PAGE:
If there is anyone on the roster who has bigger shoes to fill than Niklas, it’s Jarrett Grace. Manti Te’o won just about every award possible other than the Heisman Trophy this past season and leaves Notre Dame widely considered the best linebacker to ever wear the Blue and Gold. Replacing a legend like Te’o is a tall order for anyone, but given how little Grace has played thus far in his career it becomes an even greater challenge.
While Grace hasn’t seen the field much, Brian Kelly has consistently mentioned Grace over the last two seasons when asked about players who have stood out in practice that haven’t gotten on the field much. Grace was overshadowed in his recruiting class by some the 5-star talents of Ishaq Williams, Aaron Lynch, and Tuitt, but he was a pretty highly rated recruit in his own right. Grace probably won’t come close to the 7 interceptions Te’o had in 2012, but he should hold up well in the middle of the Irish defense with big #1 in front of him.
Jamoris Slaughter > Matthias Farley
This one is probably the easiest hole for the Irish coaching staff to fill since they already had to during the season when Slaughter injured his Achilles in the third game of the season. Farley stepped in and while he had his share of ups and downs, he did about as good of a job as anyone could have hoped for considering he spent his freshman season in 2011 on the scout team on the offensive side of the ball. Notre Dame has a lot of safeties on the roster for 2013 so competition will be fierce at both spots, but I think we saw enough out of Farley to be optimistic about his future. Farley was an unsung hero for Notre Dame in 2012 as one of three first time starters in the secondary.
Zeke Motta > Max Redfield
While Farley will most likely hold down his starting spot for 2013, the starting position next to him will be up for grabs with Zeke Motta’s departure. Motta was another one of the unsung heroes of the 2012 season for Notre Dame, but Notre Dame will have plenty of options to fill his starting postion.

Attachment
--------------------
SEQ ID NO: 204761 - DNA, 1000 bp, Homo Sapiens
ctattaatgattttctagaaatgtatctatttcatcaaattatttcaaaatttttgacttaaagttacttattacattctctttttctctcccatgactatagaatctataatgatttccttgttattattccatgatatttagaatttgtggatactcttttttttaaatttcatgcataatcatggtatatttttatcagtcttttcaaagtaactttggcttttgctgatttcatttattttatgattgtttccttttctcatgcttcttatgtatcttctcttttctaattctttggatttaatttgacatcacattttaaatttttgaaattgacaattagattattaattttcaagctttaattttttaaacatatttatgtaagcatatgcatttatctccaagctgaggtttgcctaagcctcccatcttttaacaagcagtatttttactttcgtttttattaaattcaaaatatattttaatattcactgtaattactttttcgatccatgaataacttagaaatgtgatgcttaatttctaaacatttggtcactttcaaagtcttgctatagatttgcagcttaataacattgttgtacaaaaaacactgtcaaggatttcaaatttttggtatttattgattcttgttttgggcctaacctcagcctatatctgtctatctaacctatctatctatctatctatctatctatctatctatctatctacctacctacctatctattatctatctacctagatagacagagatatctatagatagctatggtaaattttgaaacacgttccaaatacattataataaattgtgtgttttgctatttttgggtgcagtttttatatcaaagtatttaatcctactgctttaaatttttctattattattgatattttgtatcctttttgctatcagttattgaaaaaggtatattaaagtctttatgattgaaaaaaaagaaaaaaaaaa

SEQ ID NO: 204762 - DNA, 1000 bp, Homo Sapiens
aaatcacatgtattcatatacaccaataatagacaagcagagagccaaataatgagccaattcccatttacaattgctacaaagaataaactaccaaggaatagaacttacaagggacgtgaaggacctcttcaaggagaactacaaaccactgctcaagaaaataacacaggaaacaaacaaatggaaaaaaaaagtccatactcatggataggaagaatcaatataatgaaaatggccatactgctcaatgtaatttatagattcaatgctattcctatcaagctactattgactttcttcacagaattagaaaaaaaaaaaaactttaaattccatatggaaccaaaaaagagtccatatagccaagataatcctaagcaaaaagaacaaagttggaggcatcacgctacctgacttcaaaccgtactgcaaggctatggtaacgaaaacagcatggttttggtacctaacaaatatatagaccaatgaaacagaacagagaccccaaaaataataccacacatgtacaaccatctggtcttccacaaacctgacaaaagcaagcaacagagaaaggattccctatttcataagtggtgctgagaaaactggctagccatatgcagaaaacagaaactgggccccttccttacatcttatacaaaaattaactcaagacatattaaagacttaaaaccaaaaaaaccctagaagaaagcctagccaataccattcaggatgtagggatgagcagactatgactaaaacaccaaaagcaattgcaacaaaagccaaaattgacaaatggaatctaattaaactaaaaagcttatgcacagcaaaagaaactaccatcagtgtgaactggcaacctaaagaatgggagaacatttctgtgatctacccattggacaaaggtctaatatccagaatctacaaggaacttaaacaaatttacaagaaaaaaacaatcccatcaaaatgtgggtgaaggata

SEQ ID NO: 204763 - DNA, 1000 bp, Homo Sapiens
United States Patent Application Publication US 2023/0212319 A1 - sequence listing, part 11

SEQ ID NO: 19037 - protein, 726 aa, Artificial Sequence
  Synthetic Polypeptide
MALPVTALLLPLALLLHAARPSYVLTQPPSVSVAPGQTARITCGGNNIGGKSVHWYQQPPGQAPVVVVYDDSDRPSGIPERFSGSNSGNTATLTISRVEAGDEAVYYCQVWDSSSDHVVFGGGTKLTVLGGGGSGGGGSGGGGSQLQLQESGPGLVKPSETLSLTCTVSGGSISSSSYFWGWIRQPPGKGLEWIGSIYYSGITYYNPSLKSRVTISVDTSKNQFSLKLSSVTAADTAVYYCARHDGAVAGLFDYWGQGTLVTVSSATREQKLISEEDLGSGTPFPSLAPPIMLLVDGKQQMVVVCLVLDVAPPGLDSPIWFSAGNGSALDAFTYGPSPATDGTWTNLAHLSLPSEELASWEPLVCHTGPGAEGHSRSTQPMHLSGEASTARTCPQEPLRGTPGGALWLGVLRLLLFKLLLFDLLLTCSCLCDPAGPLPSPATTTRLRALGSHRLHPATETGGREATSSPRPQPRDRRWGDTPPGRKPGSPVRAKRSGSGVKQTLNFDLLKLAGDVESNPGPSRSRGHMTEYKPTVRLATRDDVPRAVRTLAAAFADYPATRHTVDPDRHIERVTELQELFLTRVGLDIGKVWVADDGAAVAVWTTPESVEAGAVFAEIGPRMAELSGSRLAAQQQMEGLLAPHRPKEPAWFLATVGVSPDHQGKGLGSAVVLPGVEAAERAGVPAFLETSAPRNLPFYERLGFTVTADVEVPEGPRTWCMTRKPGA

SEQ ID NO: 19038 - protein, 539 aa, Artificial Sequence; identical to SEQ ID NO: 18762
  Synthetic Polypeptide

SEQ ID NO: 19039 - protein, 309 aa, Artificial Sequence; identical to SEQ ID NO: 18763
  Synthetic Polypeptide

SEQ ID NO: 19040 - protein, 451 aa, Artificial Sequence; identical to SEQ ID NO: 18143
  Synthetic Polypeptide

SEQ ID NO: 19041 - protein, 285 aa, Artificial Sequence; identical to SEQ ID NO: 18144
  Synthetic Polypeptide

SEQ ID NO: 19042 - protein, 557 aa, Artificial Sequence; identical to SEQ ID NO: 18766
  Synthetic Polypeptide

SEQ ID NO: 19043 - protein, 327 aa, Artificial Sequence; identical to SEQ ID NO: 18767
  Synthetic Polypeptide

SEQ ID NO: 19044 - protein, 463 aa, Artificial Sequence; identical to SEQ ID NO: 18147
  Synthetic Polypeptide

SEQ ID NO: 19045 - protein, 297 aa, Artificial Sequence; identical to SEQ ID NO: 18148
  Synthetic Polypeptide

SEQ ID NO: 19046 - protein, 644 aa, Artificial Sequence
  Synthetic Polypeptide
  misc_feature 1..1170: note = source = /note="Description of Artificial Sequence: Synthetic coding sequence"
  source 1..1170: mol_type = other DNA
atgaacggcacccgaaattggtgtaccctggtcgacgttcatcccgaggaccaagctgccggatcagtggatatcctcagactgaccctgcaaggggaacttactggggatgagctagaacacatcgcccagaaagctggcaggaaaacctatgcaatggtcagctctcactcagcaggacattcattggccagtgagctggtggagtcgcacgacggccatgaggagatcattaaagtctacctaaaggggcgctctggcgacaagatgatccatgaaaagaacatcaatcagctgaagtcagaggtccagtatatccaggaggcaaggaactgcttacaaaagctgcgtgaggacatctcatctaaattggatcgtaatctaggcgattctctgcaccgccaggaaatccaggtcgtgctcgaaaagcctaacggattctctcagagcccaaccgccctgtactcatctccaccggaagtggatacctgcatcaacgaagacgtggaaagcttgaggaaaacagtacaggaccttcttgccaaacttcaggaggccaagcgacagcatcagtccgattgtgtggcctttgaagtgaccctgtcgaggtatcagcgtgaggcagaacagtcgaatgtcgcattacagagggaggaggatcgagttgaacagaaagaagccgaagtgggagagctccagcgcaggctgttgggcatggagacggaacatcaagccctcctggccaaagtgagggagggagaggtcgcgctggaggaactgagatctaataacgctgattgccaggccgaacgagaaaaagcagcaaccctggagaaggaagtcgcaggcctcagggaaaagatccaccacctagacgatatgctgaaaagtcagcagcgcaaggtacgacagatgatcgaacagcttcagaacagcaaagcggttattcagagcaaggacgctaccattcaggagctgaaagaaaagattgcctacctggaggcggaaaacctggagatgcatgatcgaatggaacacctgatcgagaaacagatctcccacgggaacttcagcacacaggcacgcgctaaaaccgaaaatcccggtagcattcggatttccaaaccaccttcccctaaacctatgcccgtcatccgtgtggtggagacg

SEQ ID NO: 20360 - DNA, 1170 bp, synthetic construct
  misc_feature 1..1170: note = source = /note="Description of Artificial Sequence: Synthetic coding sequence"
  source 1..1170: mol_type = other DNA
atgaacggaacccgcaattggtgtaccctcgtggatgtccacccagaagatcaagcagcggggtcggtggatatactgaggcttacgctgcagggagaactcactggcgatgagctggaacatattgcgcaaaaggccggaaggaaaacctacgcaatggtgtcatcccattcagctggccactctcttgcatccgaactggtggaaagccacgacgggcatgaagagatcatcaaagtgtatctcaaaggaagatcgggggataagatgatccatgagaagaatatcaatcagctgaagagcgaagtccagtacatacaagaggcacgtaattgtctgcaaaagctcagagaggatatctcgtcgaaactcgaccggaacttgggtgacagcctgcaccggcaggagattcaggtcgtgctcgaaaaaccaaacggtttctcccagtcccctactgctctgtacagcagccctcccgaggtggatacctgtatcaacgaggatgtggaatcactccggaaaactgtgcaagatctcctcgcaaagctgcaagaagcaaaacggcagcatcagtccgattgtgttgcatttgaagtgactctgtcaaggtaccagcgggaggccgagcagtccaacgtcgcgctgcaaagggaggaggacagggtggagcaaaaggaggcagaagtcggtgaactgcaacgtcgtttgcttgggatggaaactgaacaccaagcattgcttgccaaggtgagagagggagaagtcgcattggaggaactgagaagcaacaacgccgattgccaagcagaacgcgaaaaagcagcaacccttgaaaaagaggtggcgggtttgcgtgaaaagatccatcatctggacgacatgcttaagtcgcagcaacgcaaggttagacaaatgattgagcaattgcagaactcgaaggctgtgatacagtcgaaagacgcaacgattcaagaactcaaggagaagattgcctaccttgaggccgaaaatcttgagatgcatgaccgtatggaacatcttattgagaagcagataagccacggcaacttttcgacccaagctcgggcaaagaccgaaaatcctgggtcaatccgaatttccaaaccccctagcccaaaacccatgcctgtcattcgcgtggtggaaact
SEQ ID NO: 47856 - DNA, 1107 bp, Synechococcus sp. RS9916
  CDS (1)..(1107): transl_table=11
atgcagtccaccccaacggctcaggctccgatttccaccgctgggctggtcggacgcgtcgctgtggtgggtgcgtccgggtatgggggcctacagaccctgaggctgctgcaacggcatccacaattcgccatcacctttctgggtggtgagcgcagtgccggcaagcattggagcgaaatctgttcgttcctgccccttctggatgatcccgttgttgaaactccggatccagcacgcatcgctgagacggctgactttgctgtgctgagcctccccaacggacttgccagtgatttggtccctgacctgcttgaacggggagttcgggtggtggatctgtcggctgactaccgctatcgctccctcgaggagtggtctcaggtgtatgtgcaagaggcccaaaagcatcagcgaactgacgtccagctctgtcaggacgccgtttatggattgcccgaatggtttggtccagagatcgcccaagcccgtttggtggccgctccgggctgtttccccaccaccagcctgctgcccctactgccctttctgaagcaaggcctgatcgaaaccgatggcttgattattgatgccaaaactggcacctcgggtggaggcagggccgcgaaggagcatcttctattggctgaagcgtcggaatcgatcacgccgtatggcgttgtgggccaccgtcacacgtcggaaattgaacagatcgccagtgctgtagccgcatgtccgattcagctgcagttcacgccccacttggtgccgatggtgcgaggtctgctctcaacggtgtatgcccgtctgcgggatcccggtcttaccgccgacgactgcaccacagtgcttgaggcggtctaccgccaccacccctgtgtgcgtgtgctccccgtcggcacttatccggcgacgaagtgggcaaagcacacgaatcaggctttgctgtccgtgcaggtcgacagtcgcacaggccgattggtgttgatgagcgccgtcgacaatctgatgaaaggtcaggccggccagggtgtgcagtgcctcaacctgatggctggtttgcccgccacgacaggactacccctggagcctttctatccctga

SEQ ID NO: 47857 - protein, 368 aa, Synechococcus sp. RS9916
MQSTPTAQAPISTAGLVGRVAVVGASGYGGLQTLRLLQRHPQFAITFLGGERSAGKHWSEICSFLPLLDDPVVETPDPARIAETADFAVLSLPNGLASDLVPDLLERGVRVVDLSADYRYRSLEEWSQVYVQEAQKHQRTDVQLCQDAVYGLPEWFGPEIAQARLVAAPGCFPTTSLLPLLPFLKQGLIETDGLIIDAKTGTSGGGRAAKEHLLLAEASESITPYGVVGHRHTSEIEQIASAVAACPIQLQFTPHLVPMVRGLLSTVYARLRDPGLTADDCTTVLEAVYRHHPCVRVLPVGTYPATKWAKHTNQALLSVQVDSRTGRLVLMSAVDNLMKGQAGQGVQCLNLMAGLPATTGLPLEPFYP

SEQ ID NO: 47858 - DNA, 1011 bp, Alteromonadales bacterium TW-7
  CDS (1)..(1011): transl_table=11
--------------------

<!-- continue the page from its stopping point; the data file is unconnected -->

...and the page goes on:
Austin Collinsworth will be back from injury this season and should be ready for spring ball. Chris Badger will be in his second season back from his mission. Elijah Shumate could move back to safety after playing the nickel back position in 2012. CJ Prosise is headed back to safety as well after spending some time at linebacker early in 2012. Junior to be Eliar Hardy should finally be to 100% after his freshman year injury. Then there are 2012 freshmen Nicky Baratti and John Turner.
Despite all of those options at safety, I think the answer for filling Motta’s starting spot could fall into the hands of incoming freshman Max Redfield. Redfield, the highest rated defensive back to come to Notre Dame since UHND has been around (1997), could very well step right into a starting role in 2013 given his skill. Redfield might need to hit the weight room pretty hard this off-season for that to happen, but my bet is he starts from day one.
Braxston Cave > Nick Martin, Connor Hanratty
Braxston Cave has started at center for the last four seasons for Notre Dame and other than a few games at the end of 2011 when he was hurt, no one else has played much at the position for Notre Dame during the span. Matt Hegartty was a highly rated recruit and has a lot of talent, but he is in the midst of recovering from a stroke and heart surgery. He is hoping to make a full recovery and return to football for spring ball, but what can be expected of him, if anything, in 2013 is not known.
The best bet right now looks like juniors to be Connor Hanratty or Nick Martin. The two will battle it out for the starting spot throughout the spring and summer most likely. Another possibility here could be Chris Watt if Christian Lombard were to move back to guard from tackle. Watt could potentially play center if that were to give the Irish the best group of linemen on the field. That of course would mean a starting right tackle would need to emerge allowing Lombard to shift inside.
There are a lot of ifs involved here and how everything shakes out along the offensive line is going to be one of the more compelling story lines throughout spring and fall camps.